Canadian basketball players relish the chance to play at home in the Globl Jam U23 tournament

UConn’s Aaliyah Edwards runs past South Carolina’s Destanni Henderson during the first half of a college basketball game in the final round of the Women’s Final Four NCAA Tournament on April 3, 2022 in Minneapolis.The Associated Press

At a recent meeting of Canada’s under-23 basketball teams, players were asked to raise their hands if they had ever played for Canada on home soil.

Two of the more than 30 players present raised their hands.

This week’s inaugural Globl Jam tournament is not just an opportunity to close the gap in Canada’s national schedule between junior and senior teams, but a rare chance for the country’s most talented young players to don the leaf. maple at home.

Aaliyah Edwards, one of two who played on home soil – in the Olympic qualifiers in Edmonton – relishes the chance to be a role model for the young girls who will be there.

“It’s amazing, because we can inspire, motivate and encourage young women and show them that they can reach this level,” said the Connecticut Huskies forward. “We’re able to show them some high-caliber basketball right here at home and it’s going to be so much fun competing in front of friends and family, who are used to seeing me on TV.”

The new FIBA-sanctioned tournament kicks off Tuesday at the Mattamy Athletic Center in Toronto. The Canadian men face the United States, Brazil and Italy while the women face the United States, Belgium and France.

The event helps bridge a gap that exists between the Under-19 age group and the senior squads, which typically include a small number of U23 players – RJ Barrett on the men’s side, for example, and Edwards and Shaina Pellington for women.

“We have over 200 NCAA players in Division 1 who are Canadian, so we have this age group coming in who soon won’t have enough places to play,” CEO Michael Bartlett said. of Canada Basketball. “So if we’re playing the long game…we have to give them opportunities.

“With a few exceptions on the women’s side, very few of these players will be in Paris in 2024 [Olympics]but many of them will be on the 2028 Olympic team for LA, so tournaments like this give them more shots to play at home, more shots to learn how to win the tough games against teams like the States States and France and other world powers.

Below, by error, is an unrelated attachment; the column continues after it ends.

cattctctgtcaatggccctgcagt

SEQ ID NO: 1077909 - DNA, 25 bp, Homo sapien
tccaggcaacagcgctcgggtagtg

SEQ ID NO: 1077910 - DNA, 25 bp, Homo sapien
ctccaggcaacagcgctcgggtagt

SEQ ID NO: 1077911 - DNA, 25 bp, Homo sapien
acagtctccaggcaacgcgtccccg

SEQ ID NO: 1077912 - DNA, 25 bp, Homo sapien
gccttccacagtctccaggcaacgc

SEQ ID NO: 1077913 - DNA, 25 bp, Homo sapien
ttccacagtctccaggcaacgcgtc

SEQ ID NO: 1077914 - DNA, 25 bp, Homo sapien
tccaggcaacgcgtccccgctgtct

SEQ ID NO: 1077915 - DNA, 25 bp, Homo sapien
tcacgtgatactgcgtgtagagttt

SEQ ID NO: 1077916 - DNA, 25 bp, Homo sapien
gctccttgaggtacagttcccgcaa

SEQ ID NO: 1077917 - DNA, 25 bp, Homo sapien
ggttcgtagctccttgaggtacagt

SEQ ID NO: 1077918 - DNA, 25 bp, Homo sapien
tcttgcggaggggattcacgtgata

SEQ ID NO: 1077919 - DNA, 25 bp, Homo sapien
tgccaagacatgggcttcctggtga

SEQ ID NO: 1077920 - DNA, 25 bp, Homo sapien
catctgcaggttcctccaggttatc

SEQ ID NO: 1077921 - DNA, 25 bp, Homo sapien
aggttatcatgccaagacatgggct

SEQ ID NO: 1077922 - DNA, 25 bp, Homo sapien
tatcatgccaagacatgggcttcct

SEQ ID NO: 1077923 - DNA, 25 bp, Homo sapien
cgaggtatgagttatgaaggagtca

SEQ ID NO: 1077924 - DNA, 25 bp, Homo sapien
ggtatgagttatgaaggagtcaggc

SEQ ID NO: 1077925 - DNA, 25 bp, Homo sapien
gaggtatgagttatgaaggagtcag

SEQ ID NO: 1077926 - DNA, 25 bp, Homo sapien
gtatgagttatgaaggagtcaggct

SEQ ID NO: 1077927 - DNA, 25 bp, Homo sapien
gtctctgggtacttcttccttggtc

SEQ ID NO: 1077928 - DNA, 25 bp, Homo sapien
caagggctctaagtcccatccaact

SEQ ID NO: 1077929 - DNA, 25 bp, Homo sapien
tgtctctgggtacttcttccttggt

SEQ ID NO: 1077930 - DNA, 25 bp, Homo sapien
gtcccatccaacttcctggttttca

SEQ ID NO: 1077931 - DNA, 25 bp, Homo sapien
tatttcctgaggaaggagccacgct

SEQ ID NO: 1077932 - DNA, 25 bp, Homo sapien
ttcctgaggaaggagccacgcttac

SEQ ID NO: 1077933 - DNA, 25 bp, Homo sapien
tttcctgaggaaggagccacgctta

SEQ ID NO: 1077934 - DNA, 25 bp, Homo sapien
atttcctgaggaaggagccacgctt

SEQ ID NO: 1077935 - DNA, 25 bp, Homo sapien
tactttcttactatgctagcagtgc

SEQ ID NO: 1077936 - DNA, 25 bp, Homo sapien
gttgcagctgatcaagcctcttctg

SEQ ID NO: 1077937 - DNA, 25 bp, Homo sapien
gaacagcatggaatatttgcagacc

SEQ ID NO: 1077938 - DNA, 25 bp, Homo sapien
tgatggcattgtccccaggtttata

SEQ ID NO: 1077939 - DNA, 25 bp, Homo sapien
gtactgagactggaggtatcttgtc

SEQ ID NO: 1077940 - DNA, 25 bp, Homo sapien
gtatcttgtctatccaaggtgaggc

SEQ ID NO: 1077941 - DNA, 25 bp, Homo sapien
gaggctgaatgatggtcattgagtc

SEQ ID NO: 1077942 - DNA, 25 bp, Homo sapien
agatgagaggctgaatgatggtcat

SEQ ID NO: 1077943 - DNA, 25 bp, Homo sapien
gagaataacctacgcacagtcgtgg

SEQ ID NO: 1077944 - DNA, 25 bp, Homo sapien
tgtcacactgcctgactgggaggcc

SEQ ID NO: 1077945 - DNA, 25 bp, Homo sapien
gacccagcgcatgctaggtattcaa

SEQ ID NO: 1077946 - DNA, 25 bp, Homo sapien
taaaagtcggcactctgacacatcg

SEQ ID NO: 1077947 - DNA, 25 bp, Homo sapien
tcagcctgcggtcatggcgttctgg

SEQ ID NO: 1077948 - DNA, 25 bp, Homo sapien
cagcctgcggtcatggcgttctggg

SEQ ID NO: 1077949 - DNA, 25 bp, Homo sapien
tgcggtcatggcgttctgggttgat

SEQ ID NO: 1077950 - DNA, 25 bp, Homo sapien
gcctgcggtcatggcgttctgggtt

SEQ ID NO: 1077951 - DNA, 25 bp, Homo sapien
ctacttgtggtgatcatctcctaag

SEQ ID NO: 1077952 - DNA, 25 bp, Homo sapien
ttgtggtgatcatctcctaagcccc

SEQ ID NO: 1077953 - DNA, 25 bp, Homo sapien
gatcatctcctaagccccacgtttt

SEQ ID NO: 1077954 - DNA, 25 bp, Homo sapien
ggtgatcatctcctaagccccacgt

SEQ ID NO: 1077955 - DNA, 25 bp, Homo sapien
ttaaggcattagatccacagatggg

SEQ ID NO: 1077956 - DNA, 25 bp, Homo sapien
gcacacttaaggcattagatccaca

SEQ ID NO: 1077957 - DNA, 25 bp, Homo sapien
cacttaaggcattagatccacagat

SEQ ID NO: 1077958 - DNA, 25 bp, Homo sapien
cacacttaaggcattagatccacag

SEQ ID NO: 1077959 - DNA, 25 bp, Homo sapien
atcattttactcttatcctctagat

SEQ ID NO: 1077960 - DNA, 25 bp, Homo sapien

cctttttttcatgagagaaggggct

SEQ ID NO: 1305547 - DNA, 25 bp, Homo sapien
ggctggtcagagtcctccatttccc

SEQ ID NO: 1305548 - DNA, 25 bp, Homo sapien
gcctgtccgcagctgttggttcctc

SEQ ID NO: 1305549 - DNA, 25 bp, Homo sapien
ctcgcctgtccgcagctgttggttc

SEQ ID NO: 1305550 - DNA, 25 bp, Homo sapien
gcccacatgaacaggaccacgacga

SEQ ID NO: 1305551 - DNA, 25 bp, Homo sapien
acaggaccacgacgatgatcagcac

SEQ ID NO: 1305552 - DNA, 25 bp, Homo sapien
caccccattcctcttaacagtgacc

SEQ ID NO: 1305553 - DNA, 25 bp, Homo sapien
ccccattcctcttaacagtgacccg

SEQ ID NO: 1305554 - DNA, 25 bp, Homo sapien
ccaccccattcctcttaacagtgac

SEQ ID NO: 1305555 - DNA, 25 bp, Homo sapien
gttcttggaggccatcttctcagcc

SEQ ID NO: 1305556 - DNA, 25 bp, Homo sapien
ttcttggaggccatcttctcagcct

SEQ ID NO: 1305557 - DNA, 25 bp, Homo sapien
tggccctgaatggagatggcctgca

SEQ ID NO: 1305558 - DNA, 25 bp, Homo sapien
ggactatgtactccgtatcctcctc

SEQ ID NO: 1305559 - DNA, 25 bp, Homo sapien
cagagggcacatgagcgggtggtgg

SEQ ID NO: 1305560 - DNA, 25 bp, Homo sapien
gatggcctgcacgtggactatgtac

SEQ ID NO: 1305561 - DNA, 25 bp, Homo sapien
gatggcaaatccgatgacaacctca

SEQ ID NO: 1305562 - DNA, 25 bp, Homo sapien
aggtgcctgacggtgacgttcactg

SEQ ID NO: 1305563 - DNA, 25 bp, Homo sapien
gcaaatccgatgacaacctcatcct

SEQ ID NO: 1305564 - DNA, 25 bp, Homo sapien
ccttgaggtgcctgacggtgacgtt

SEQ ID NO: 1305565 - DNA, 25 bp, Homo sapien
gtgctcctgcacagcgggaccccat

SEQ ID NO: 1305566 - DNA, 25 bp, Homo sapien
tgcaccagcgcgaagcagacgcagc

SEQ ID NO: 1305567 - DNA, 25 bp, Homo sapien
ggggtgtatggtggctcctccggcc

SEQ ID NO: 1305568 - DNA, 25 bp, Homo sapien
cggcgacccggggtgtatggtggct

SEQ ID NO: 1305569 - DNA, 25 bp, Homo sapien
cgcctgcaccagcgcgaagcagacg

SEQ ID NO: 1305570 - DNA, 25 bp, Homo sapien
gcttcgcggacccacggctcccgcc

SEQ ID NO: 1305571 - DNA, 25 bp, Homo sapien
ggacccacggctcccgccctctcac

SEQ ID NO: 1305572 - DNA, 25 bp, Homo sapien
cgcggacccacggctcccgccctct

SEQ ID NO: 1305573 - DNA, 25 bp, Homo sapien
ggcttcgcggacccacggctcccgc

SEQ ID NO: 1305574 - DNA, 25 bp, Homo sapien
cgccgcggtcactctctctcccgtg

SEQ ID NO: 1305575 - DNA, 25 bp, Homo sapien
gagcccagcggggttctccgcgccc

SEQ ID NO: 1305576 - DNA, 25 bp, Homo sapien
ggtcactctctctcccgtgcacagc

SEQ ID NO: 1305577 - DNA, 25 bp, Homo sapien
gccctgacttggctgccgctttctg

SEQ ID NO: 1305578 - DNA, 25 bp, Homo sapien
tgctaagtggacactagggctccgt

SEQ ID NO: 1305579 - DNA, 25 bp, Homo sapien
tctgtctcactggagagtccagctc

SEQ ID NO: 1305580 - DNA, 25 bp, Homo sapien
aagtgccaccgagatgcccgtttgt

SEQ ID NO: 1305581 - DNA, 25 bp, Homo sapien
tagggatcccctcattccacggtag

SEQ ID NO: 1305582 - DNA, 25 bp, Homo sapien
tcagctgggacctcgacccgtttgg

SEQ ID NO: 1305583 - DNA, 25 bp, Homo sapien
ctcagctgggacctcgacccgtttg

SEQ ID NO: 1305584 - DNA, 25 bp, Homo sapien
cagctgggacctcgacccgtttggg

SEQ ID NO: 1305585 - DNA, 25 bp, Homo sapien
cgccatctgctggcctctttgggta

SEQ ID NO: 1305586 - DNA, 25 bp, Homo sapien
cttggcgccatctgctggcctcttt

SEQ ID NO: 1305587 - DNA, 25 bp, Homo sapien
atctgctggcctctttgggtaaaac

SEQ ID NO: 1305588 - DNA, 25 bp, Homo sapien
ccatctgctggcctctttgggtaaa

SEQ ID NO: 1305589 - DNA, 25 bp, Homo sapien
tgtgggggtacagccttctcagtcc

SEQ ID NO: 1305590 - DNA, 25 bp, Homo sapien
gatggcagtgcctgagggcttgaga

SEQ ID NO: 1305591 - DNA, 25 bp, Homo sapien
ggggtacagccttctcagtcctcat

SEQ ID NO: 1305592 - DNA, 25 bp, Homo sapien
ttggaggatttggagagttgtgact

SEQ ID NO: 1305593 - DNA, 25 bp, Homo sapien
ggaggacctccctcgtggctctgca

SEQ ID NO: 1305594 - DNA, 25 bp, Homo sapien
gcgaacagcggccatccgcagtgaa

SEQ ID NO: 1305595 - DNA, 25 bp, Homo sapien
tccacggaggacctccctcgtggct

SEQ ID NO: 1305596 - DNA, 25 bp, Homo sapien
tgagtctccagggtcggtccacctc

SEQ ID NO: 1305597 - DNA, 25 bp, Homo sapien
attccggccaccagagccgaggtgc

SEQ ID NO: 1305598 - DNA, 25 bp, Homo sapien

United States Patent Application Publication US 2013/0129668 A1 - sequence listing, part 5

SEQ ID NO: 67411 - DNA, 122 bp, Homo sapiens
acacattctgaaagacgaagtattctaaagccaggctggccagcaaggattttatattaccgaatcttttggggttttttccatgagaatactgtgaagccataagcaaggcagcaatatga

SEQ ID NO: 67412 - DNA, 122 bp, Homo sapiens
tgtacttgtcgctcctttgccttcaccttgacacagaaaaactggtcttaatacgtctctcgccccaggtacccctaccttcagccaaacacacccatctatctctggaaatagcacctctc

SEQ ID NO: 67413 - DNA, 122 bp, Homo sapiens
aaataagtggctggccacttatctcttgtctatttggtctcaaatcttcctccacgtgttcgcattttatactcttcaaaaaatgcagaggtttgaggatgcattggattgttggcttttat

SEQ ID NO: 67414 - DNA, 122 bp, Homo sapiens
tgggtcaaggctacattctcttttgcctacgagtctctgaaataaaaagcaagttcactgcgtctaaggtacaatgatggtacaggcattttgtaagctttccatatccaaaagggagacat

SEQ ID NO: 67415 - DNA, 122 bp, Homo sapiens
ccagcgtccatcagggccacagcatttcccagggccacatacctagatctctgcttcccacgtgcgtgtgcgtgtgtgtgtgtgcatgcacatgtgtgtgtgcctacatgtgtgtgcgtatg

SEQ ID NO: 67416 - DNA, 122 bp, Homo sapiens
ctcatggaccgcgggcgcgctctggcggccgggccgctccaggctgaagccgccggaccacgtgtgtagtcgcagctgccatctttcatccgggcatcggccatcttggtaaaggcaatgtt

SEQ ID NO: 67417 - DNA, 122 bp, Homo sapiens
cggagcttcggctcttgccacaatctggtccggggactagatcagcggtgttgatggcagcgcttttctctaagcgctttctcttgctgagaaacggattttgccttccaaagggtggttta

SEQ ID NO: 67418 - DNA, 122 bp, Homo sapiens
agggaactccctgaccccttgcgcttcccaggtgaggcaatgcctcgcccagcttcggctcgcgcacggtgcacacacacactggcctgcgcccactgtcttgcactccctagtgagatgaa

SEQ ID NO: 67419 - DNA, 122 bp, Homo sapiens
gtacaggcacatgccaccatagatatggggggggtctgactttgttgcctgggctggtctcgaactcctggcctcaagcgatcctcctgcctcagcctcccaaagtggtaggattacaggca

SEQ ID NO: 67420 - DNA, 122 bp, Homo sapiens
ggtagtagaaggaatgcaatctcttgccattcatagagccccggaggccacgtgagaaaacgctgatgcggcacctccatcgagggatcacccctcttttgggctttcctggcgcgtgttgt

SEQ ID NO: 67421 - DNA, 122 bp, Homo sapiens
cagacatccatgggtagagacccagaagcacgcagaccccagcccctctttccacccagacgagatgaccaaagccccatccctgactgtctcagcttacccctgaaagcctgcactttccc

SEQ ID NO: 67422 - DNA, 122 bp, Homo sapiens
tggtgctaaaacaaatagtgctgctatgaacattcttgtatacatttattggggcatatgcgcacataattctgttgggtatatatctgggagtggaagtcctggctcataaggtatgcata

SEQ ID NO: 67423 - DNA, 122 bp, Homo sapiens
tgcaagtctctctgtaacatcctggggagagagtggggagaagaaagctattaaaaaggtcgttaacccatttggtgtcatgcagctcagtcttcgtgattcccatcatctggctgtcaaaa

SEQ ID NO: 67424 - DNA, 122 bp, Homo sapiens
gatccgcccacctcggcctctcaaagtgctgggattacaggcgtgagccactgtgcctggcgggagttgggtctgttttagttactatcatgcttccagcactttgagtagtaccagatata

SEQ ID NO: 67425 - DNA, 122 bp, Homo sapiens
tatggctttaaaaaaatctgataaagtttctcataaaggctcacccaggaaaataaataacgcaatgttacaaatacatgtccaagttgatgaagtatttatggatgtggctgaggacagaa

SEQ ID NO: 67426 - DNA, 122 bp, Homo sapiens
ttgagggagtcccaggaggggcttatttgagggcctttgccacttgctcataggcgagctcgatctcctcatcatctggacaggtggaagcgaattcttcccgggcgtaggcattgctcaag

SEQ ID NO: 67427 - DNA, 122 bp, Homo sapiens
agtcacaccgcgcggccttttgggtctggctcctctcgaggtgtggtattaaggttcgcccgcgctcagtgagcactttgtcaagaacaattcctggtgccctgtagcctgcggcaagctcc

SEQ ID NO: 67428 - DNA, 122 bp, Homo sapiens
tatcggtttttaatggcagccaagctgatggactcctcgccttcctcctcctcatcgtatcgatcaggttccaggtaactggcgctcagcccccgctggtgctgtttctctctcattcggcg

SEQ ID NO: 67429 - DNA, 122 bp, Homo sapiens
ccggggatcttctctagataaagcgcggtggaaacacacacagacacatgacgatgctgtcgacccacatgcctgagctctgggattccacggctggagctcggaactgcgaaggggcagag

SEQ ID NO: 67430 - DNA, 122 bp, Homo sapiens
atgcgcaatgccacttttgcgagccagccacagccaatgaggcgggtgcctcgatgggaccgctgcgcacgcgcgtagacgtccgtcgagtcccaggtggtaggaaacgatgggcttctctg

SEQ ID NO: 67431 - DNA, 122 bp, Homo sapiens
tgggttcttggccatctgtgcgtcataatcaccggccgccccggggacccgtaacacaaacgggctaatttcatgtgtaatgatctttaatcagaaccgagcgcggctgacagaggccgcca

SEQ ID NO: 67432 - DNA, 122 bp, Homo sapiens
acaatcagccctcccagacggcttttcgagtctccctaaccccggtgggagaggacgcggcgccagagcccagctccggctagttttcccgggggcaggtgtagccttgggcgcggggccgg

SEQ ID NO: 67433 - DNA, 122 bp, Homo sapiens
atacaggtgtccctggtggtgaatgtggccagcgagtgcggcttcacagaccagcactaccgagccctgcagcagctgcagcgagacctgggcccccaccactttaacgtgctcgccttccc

“It’s up to us to make sure they’re ready to take the plunge. We’ve always kind of left it to the athlete to lay out their own professional career development for us. [But] it is our job to prepare them for us.

Ryan Nembhard, who won the Big East freshman award last season for the Creighton Bluejays, has never played for Canada on home soil.

“It’s always great to be able to put on your country’s jersey, and it’s a great feeling to be at home. … I’m super excited,” said the 19-year-old guard from Aurora, Ont.

Nembhard and Edwards, along with a handful of players from each team, attended a community event Monday morning at Regent Park in east Toronto where they engaged a few dozen youngsters in basketball drills .

While Canada has traditionally struggled to secure commitments from NBA players to appear at Olympic and World Cup qualifying games, Bartlett hopes giving U23 players more opportunities at home will foster a sense of stronger culture within the program.

“I bet if we have a generation of athletes who play more at home, when it comes to asking them to make a tough decision to go overseas and play with us in a key qualifier, their loyalty to the program is deeper,” he said. “I think their loyalty to the country has always been strong. You have to keep them on the program and it’s a two-way street.

Although there is no FIBA ​​U23 ranking, Canada is ranked 4th in the world for boys (U18) and 8th for girls.

“We’re now good enough in all age groups to have a chance to win every time we play,” Bartlett said. “At the end of the day, this country loves basketball and loves sports and loves winning sports. … So let’s play more at home.

Canada Basketball has announced that next year’s Globl Jam will also be held in Toronto.

Carly Clarke is the head coach of Canada’s women’s team, which kicks off against Belgium on Tuesday, while Toronto Raptors assistant Nathaniel Mitchell will make his men’s debut as Canada’s head coach. , which will start on Tuesday against Brazil.

Canada Lists

Women: Shy Day-Wilson, Toronto; The Shae Dwyer, Toronto; Aaliyah Edwards, Kingston, Ont.; Yvonne Ejim, Calgary; Taya Hanson, Kelowna, BC; Phillipina Kyei, Calgary; Latasha Lattimore, Toronto; Rosalie Mercille, St-Jean-Sur-Richelieu, Que.; Shaina Pellington, Pickering, Ont.; Merissah Russell, Ottawa; Sarah Te-Biasu, Montreal; Tara Wallack, Surrey, BC

Men: Keesawn Barthelemy, Montreal; Charles Bediako, Brampton, Ont.; Marcus Carr, Toronto; Quincy Guerrier, Montreal; Kur Jongkuch, London, Ont.; Thomas Kennedy, Windsor, Ont.; Liam McChesney, Prince Rupert, BC; Emmanuel Miller, Toronto; Leonard Miller, Toronto; Ryan Nembhard, Aurora, Ont.; Addison Patterson, Milton, Ont.; Stefan Smith, Ajax, Ont.

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